|Bernie Sanders Has a Secret |
Vermont, his son and the hungry early years that made him the surging socialist he is today.
By MICHAEL KRUSE
July 09, 2015
Michael Kruse is a senior staff writer for Politico.
One morning last month in Burlington, Vermont, at the law office of John Franco, one of Bernie Sanders’ best friends since the 1970s, Franco talked to me at length about Sanders’ commitment and his consistency and his charisma. Even at the beginning of Sanders’ career, he said, four decades before he started packing arenas in college towns and liberal havens as a renegade 73-year-old, self-described socialist taking on Hillary Clinton and the Democratic Party establishment, “People didn’t want him to stop talking.” He talked about how Sanders “completely changed the political culture” in Vermont. He talked about how Sanders’ surprising current surge in national polls is “validation.”
“I’m proud of Bernard,” he said.
All of that was interesting. But I wanted to know not just about what Sanders has done. I wanted to know more about who he has been. So I asked what I thought was an innocuous question about Sanders’ son. How did Sanders juggle aspirations as an eager political activist with his role as a divorced young father?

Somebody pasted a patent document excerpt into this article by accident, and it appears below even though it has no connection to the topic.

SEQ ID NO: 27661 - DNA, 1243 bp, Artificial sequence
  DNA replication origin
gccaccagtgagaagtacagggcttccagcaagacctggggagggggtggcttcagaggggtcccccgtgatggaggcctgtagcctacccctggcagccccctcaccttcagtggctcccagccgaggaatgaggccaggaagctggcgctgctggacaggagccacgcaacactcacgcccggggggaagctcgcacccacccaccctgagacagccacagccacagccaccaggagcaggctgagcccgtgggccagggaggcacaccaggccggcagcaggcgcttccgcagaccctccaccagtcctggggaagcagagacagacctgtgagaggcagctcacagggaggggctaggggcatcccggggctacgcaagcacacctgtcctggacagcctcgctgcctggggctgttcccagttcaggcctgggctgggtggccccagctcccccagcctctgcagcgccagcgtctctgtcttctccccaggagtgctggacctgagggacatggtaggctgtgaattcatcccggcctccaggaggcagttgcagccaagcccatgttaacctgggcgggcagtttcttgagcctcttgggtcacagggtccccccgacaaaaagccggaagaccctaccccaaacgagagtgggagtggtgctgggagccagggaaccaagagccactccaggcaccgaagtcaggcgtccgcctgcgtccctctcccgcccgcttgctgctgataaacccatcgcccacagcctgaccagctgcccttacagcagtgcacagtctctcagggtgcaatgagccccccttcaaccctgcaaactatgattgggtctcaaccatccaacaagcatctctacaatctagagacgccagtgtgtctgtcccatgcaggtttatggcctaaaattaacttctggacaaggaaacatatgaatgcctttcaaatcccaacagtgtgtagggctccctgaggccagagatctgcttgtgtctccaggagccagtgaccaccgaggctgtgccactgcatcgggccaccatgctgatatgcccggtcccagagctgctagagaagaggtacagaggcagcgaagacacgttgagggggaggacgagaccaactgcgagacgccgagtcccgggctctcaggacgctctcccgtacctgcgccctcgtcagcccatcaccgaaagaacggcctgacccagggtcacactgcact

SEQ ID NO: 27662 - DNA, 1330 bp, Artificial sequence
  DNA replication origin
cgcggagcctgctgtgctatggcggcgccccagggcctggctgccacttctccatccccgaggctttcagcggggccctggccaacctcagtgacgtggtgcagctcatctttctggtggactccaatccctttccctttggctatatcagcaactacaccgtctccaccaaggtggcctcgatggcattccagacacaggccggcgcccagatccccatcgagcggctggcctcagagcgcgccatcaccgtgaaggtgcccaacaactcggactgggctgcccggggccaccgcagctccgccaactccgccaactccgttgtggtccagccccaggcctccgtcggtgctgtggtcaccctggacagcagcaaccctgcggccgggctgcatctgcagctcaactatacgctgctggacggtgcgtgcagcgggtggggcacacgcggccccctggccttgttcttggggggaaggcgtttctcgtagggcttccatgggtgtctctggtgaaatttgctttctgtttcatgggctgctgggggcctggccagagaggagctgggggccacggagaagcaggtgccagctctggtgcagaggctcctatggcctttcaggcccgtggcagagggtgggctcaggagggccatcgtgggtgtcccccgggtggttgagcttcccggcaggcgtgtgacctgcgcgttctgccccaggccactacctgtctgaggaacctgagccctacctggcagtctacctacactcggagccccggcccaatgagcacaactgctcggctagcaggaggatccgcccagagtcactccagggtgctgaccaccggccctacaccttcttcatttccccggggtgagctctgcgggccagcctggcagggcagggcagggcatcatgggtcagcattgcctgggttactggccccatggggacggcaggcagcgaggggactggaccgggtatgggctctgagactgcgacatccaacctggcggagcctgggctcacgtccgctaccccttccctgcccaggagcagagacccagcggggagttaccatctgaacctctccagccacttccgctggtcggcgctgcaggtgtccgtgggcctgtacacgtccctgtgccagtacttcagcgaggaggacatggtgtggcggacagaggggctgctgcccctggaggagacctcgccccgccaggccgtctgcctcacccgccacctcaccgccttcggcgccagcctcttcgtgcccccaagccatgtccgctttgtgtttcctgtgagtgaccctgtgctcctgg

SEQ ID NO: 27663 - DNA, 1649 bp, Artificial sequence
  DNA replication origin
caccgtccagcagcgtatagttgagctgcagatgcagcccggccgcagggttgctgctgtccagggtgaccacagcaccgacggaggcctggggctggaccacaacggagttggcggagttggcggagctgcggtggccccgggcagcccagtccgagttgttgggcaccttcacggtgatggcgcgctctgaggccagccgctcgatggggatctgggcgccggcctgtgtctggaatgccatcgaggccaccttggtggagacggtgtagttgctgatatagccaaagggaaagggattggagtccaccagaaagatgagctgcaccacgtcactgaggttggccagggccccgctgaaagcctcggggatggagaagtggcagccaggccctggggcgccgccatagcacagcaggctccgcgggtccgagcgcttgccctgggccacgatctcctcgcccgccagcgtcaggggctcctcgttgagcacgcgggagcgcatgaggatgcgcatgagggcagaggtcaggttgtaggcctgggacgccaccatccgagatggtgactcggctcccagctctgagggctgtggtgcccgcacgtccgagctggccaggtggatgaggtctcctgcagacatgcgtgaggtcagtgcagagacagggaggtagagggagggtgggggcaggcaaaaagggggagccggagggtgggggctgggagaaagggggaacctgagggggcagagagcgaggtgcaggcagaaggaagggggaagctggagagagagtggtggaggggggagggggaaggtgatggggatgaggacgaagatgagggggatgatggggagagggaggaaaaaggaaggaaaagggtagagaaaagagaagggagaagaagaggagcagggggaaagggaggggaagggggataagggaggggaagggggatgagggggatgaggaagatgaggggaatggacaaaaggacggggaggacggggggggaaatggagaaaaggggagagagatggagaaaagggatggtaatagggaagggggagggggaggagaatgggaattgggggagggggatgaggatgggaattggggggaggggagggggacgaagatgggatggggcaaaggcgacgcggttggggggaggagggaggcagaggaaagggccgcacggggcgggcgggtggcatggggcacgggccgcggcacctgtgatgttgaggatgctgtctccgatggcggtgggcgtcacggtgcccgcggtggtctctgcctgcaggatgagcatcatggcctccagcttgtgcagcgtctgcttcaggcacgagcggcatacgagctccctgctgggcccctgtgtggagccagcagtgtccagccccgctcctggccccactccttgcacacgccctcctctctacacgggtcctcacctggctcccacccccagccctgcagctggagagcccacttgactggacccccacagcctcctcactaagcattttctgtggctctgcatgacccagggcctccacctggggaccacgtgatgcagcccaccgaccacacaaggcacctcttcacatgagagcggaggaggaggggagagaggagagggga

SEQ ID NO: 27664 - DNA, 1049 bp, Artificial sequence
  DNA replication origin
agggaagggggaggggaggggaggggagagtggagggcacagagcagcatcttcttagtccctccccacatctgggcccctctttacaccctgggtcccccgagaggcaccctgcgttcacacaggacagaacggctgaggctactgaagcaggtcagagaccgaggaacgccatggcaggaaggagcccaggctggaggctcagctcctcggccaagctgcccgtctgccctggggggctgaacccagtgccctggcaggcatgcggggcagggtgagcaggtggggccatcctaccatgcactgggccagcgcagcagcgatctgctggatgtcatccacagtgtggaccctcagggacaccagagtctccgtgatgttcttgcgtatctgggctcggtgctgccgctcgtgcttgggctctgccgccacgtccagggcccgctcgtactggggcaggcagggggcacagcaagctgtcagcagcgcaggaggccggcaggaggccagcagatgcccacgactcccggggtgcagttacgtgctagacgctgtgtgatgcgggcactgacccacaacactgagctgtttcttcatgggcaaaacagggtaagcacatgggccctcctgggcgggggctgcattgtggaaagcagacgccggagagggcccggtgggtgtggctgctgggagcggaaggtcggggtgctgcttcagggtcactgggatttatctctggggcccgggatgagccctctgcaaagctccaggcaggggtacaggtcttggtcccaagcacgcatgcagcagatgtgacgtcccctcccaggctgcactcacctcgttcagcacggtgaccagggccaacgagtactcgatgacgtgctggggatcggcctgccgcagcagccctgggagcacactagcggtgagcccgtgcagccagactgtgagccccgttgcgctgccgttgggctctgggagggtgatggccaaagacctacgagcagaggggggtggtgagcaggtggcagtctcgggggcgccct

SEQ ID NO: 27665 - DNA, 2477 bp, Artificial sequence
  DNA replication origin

“That’s out of bounds,” Franco said.
Out of bounds?
“It’s none of your f—-ing business,” he said. He smiled, but he wasn’t joking.
It’s always been that way with Sanders. The issues. The issues. Stick to the issues. The rich are too rich. Those with power have too much. The middle class is withering. Inequality is a crisis, and the system is rigged. With Sanders, what you see is what you get, insist the people who know him best — and that’s almost all you get.
But if his positions are well known, the person, it turns out, is less known. Before Sanders was a U.S. senator, before he was a congressman, before he was mayor of Burlington — before he won one shocking election, then 13 more — he was a radical and an agitator in the ferment of 1960s and '70s Vermont, a tireless campaigner and champion of laborers who didn’t collect his first steady paycheck until he was an elected official pushing 40 years old.
continues at politico.com